Advancing eviction data work

New America is leading a national network of agencies, research labs, courts, and nonprofits improve the landscape of eviction data. Policymakers and service providers need better data about what kinds of evictions are being filed, what happens to the cases, what happens to the people, and where these evictions are happening.

Who are some of the groups working to improve the eviction data landscape?

  • National government agencies like HUD (especially their Office of PD&R) or Department of Treasury
  • University labs like Princeton Eviction Lab and Stanford Legal Design Lab
  • National Center for State Courts
  • Foundations and nonprofits like Pew Charitable Trusts, Urban Institute
  • County courts
  • Legal aid groups like ACLU

Courts specifically, with the help of the Eviction Diversion Initiative of the NCSC, are using data sharing and analysis to:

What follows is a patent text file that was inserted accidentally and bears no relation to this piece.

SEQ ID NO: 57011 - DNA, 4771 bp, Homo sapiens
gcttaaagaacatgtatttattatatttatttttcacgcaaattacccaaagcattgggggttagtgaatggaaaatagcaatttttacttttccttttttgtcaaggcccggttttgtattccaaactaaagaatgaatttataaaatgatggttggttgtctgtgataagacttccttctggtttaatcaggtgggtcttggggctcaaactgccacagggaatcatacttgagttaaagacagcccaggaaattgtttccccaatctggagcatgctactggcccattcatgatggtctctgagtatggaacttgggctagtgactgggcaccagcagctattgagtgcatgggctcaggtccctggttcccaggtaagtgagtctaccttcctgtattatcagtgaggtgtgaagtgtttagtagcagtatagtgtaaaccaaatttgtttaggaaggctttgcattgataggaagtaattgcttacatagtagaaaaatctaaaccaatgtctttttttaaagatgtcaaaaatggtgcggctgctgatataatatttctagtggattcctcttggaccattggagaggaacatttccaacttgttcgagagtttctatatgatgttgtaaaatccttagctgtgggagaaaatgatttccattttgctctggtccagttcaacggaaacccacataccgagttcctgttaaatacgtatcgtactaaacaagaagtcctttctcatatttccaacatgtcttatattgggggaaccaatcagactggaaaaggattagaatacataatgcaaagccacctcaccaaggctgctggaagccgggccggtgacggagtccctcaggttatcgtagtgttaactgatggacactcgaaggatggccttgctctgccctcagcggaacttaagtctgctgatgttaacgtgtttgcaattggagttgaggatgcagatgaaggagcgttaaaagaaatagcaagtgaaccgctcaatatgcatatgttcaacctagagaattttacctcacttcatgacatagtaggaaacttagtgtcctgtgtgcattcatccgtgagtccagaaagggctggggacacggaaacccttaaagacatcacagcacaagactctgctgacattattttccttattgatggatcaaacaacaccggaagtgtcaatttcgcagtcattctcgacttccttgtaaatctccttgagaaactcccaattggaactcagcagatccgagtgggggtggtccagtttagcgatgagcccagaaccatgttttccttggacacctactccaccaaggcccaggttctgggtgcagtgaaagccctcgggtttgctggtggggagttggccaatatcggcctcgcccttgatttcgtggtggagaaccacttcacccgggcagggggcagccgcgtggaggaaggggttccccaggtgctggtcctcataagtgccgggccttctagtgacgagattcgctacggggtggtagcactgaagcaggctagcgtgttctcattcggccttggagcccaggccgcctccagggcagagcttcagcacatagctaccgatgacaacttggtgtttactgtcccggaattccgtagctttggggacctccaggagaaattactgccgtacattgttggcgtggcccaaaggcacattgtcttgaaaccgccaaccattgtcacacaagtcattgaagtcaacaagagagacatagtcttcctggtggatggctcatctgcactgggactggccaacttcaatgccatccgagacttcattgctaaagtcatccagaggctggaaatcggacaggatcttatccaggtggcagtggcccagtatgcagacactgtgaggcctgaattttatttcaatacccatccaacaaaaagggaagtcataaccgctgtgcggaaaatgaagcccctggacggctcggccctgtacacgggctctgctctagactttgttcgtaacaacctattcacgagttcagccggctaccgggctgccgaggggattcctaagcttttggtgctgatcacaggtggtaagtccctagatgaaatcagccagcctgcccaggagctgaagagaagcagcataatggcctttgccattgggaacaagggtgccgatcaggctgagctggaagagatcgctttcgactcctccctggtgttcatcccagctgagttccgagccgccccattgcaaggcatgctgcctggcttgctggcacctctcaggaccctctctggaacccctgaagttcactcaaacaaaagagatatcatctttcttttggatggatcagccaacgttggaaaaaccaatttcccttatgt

• Do proactive outreach to people being sued for eviction, by groups like legal aid groups and community workers, so they’re more likely to participate in court
  • Coordinate with rental assistance programs, so people aren’t being evicted while waiting on a rent application
  • Understand outcomes and trends in how evictions are proceeding

What data could be collected by the courts, that would allow for better understanding, outreach, services, and outreach?

  1. Quantity of filings, type of filings
  2. Demographics, about users, their race, gender, location, language spoken
  3. Circumstances, about why they are in court — the reason that there is a conflict
  4. Goals and needs, about what they need to get to housing stability
  5. Referrals, about how often courts are connecting people to stabilizing resources
  6. Outcomes, about the impact or success of programs

You can read more about what’s happening with eviction data in some recent reports:

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